Udall Champions Passage of Water Infrastructure Bill with Vital Provisions for Tribes

New provisions secured by Udall ensure Congress acts in partnership with Tribal leaders and Native communities to address environmental injustices and invest in critical Tribal water infrastructure projects
Dec 22, 2020

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For Immediate Release

December 22, 2020

Contact: Ned Adriance

505.218.3378 | news@tomudall.senate.gov | @SenatorTomUdall 

 

Udall Champions Passage of Water Infrastructure Bill with Vital Provisions for Tribes

 

New provisions secured by Udall ensure Congress acts in partnership with Tribal leaders and Native communities to address environmental injustices and invest in critical Tribal water infrastructure projects

 

WASHINGTON – U.S. Senator Tom Udall (D-N.M.), vice chairman of the Senate Committee on Indian Affairs, secured provisions that reinforce the principles of Tribal sovereignty and self-determination in the Water Resources Development Act (WRDA), a bill that authorizes Army Corps of Engineers water projects nationwide. The bill passed Congress yesterday as part of the Fiscal Year 2021 funding package, and now heads to the president’s desk to be signed into law.

 

“Native communities have a deep understanding of how vital water resources are for preserving their way of life, but climate change and drought are threatening water supplies throughout the West. The Water Resources Development Act ensures we are making smart investments in Tribal water infrastructure that meet the needs of our changing climate,” said Udall, also the lead Democrat on the Senate Appropriations Subcommittee on the Interior, Environment, and Related Agencies. “This bill includes new provisions to address Tribal traditional fishing rights in the Pacific Northwest, improve cost-sharing for Corps projects, and boost Corps Tribal partnership funding.

 

“Too often, marginalized communities – communities of color, low-income communities and Native communities – bear the consequences of environmental destruction at the hands of the rich and powerful,” Udall continued. “That’s why I am pleased that this bill will boost cleanup funding for toxic abandoned mines that threaten water supplies of Tribes and local communities across the country and includes new provisions to improve Tribal consultation for Army Corps water infrastructure projects. The president should sign this important bill and other critical legislation Congress passed yesterday without delay to secure these benefits for Native communities across the country.”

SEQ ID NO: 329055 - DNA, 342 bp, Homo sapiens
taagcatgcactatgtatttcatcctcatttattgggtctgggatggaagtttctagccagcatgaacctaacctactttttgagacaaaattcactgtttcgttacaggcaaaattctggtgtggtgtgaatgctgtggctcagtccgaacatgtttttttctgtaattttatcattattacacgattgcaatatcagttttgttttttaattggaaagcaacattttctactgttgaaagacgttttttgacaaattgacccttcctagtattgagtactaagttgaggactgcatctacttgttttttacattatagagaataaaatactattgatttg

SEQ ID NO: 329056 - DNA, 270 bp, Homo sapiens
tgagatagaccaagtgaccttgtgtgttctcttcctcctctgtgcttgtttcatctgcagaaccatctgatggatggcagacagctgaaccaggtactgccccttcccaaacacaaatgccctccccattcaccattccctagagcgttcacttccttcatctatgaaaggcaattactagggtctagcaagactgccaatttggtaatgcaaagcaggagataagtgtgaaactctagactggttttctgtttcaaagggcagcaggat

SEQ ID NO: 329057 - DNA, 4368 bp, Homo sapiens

Tribal priorities in the Water Resources Development Act include:

 

  • Project Consultation: Requires the Corps to update its policies on environmental justice considerations and directs the Corps to promote meaningful involvement with minority communities, economically disadvantaged communities, and Indian Tribes in carrying out water resources development projects. The Corps must involve Indian Tribes on any Tribal lands near or adjacent to any water resources development project for the purposes of identifying lands of ancestral, cultural, or religious importance.

 

  • Cost Sharing Provisions for Territories and Indian Tribes: Adjusts for inflation the existing cost share eligibility ($200,000) for a water resources development project for a U.S. territory or Indian Tribe or Tribal organization. The $200,000 cap will now be increased on an annual basis.

 

  • Columbia River Treaty Fishing Access Sites: Requires the Corps to expedite the completion of feasibility study for construction of Tribal housing along the Columbia River to provide access to usual and accustomed fishing areas for the benefit of the Nez Perce Tribe, the Confederated Tribes of Umatilla Indian Reservation, the Confederated Tribes of the Warm Springs Reservation of Oregon, and the Confederated Tribes and Bands of the Yakima Indian Nation.

 

  • Abandoned and Inactive Noncoal Mine Restoration: This section increases the authorization level for the Corps’ Abandoned and Inactive Noncoal Mine Restoration program by an additional $10 million, for a total of $30 million. The program and its technical, planning, and design assistance benefits Federal, non-Federal, and Native American Tribes that have water quality problems caused by drainage and related activities of abandoned mines.

 

  • Tribal Partnership Program: Increases the per-project authorization level for the Corps’ Tribal Partnership Program by an additional $6 million, for a total of $18.5 million, a program which has helped fund several flood control and environmental restoration projects in partnership with Tribal Governments in New Mexico.

 

Congress typically passes WRDA every two years to authorize water resource projects across the nation for flood protection, navigation, ecosystem restoration, and more. The bill covers projects by the U.S. Army Corps of Engineers. Bureau of Reclamation water projects and Tribal water settlements are typically handled in separate legislation.

 

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